EDUCATION secretary Michael Gove has pledged to remove sponsors of academies in Oxfordshire if they fail to turn them around.

During a visit to Abingdon yesterday Mr Gove said the Government would have to intervene if progress wasn’t made at failing schools.

The minister visited Kingfisher and John Mason schools with Oxford West and Abingdon MP Nicola Blackwood and county council leader Ian Hudspeth.

He praised the leadership at John Mason, and commended the newly-formed Propeller Trust, which runs Kingfisher in a consortium with Fitzwaryn School and Abingdon and Witney College.

Asked about Oxford Academy – where just 26 per cent of pupils achieved five GCSE grades A* to C including English and maths last year after almost five years of academy status – Mr Gove admitted the policy wasn’t working at every school.

He said: “I think there is sometimes a case, if a particular academy sponsor isn’t bringing the improvement that’s necessary, to look at who should be running the school, and in many cases that will be allowing another academy sponsor to take over.

“It’s important to recognise that some of these schools have inherited profound problems and need a bit of time in order to be able to effect the changes.”

Oxford Academy is sponsored by the Diocese of Oxford, Oxford Brookes University and the Beecroft Trust.

Diocesan spokesman Sarah Meyrick said: “We are collaborating with the Department for Education to raise standards and we are confident we are on track towards improvement.

“In their most recent report, Ofsted accepted our academy improvement plan and declared it fit for purpose.”

Mr Gove said Oxfordshire County Council had taken time “to appreciate” the value of the academies system, and said he expected a change under the relatively new leadership of Ian Hudspeth.

He said: “The fact we have the local county councillor and the county council leader here re-enforces the fact that Oxfordshire is now under a leadership that wants to put educational excellence at the heart of everything it does.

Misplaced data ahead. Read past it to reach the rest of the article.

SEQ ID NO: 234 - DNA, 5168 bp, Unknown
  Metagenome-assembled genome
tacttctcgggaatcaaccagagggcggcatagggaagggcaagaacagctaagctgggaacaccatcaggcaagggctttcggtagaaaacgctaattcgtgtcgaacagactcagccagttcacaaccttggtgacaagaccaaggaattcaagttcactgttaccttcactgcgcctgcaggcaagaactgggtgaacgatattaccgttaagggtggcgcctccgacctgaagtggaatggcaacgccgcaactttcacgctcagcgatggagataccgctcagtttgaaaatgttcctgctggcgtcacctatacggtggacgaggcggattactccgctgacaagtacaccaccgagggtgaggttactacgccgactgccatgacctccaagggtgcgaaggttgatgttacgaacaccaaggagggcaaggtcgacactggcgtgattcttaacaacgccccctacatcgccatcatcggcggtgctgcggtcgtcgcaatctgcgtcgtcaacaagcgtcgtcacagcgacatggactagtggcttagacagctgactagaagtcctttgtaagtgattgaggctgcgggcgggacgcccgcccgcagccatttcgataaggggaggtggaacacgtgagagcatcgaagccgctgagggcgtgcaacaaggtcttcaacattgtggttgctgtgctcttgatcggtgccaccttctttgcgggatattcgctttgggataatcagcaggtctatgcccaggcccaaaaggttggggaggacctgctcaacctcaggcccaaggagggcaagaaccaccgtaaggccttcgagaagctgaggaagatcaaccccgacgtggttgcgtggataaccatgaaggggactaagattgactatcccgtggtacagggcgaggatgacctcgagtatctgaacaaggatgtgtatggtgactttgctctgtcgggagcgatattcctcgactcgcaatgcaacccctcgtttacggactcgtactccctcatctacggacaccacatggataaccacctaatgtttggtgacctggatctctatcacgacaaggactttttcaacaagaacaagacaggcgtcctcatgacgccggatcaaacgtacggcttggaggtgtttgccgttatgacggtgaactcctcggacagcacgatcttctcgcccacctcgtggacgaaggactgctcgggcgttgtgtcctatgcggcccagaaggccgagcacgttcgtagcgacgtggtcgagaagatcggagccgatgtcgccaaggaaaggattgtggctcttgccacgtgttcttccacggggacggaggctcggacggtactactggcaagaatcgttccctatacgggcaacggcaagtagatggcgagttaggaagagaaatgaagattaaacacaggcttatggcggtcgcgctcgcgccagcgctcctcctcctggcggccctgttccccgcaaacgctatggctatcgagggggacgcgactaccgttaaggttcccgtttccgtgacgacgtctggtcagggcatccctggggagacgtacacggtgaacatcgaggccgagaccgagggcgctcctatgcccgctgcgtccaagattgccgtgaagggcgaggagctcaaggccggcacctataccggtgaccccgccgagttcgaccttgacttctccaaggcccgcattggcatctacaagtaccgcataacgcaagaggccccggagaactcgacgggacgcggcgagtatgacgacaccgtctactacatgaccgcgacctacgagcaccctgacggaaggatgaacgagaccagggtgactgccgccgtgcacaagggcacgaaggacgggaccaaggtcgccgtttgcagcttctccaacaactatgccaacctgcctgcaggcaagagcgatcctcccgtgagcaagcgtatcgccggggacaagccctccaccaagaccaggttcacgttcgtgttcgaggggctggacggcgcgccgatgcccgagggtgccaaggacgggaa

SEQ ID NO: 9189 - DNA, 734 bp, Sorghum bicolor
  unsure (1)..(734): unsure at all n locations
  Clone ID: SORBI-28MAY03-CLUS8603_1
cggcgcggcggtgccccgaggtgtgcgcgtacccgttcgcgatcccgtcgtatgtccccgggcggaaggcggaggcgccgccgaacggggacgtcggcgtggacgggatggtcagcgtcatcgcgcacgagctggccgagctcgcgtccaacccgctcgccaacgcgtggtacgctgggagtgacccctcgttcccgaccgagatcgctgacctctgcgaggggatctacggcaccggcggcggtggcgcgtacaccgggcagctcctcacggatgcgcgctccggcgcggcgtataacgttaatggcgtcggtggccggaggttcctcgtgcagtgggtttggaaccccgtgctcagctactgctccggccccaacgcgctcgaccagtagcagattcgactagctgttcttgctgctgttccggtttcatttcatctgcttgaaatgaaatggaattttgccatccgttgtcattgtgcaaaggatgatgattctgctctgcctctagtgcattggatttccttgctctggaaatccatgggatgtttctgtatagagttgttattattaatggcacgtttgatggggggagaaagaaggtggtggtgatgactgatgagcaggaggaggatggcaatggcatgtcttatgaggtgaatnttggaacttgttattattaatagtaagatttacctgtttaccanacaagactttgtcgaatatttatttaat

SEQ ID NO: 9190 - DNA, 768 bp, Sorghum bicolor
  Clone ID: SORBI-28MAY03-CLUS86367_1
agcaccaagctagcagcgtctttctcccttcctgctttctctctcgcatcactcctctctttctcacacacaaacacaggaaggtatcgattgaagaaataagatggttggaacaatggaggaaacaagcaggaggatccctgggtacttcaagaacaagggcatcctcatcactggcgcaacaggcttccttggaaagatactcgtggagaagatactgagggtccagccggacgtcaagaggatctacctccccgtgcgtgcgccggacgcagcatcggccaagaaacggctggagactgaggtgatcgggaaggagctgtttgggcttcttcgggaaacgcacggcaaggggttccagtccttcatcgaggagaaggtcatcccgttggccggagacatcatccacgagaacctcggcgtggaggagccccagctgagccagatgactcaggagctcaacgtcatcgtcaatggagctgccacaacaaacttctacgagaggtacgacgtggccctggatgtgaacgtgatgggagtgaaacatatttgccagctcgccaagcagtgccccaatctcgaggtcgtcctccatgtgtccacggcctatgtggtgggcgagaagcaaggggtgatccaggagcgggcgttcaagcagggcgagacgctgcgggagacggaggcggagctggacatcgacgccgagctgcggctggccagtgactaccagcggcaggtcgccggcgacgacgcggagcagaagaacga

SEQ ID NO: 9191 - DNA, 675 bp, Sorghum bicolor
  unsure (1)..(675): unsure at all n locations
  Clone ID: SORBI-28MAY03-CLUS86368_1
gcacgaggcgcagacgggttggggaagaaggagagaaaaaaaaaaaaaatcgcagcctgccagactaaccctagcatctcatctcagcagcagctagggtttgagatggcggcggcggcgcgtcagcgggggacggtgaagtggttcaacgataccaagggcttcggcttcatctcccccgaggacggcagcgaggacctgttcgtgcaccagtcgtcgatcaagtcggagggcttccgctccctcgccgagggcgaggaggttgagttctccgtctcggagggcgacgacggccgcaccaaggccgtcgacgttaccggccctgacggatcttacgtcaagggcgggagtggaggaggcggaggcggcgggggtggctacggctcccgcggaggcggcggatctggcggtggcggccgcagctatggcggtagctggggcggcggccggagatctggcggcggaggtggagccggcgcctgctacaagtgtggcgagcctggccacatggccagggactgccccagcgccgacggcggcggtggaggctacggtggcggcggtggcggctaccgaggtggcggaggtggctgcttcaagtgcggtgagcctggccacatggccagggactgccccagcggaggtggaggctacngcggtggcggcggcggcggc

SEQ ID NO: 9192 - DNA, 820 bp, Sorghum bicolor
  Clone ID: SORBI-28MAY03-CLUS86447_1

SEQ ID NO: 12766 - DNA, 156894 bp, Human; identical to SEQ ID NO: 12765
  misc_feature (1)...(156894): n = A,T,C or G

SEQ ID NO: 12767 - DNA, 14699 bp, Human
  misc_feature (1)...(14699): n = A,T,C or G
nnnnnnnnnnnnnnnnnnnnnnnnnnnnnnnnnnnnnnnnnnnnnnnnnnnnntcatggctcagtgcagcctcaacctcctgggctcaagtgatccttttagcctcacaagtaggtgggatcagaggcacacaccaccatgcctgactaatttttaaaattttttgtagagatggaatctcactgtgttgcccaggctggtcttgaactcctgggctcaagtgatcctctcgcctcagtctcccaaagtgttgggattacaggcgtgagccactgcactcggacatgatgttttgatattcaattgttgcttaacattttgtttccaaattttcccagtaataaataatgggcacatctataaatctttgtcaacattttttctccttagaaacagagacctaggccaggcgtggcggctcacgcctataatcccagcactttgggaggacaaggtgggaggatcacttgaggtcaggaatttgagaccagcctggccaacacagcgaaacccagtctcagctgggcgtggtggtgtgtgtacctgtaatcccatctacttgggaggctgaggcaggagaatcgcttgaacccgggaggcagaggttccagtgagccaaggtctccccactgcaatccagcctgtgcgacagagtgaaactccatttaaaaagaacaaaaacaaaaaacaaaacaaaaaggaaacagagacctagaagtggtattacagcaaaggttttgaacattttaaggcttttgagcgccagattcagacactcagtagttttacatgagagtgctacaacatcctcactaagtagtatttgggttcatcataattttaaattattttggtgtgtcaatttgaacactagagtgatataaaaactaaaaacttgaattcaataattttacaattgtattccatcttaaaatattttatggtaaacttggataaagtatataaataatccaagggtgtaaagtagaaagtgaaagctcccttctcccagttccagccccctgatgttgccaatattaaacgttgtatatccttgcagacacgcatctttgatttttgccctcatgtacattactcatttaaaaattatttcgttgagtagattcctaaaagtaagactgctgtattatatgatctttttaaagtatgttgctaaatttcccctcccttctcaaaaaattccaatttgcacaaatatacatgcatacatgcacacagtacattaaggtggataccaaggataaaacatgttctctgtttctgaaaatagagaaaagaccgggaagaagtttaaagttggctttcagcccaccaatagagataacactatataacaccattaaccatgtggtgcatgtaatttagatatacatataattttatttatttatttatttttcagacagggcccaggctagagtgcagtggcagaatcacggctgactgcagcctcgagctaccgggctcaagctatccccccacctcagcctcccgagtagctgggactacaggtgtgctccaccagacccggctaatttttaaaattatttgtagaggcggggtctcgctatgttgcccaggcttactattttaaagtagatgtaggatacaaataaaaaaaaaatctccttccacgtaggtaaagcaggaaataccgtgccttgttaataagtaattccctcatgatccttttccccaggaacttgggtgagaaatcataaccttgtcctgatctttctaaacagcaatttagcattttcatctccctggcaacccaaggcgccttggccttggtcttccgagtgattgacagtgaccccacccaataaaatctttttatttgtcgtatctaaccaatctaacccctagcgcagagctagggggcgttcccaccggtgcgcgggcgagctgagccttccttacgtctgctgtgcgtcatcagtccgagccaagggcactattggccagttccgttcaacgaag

“It takes a bit of time sometimes for some local authorities to appreciate the potential of the academies programme to raise attainment for students and to enhance the collaboration that’s been there before.”

He called on Oxfordshire teachers to work with the Department for Education and the council to improve attainment.

He said: “We will only succeed if we work together. There has never been a better time to be a teacher, and the route to improving the lives of the children and young people we care about most is empowering teachers to be able to make more changes to the schools.”

But his comments were rejected by National Union of Teachers spokesman and St Ebbe’s Primary School teacher Gawain Little.

He said: “Unfortunately, although teaching is an incredibly rewarding job, at the moment it’s a very difficult time for teachers.

“This is for a number of reasons, and many relate to Mr Gove’s government, like the cuts they are forcing on to education which mean every child is having less and less money spent on them.”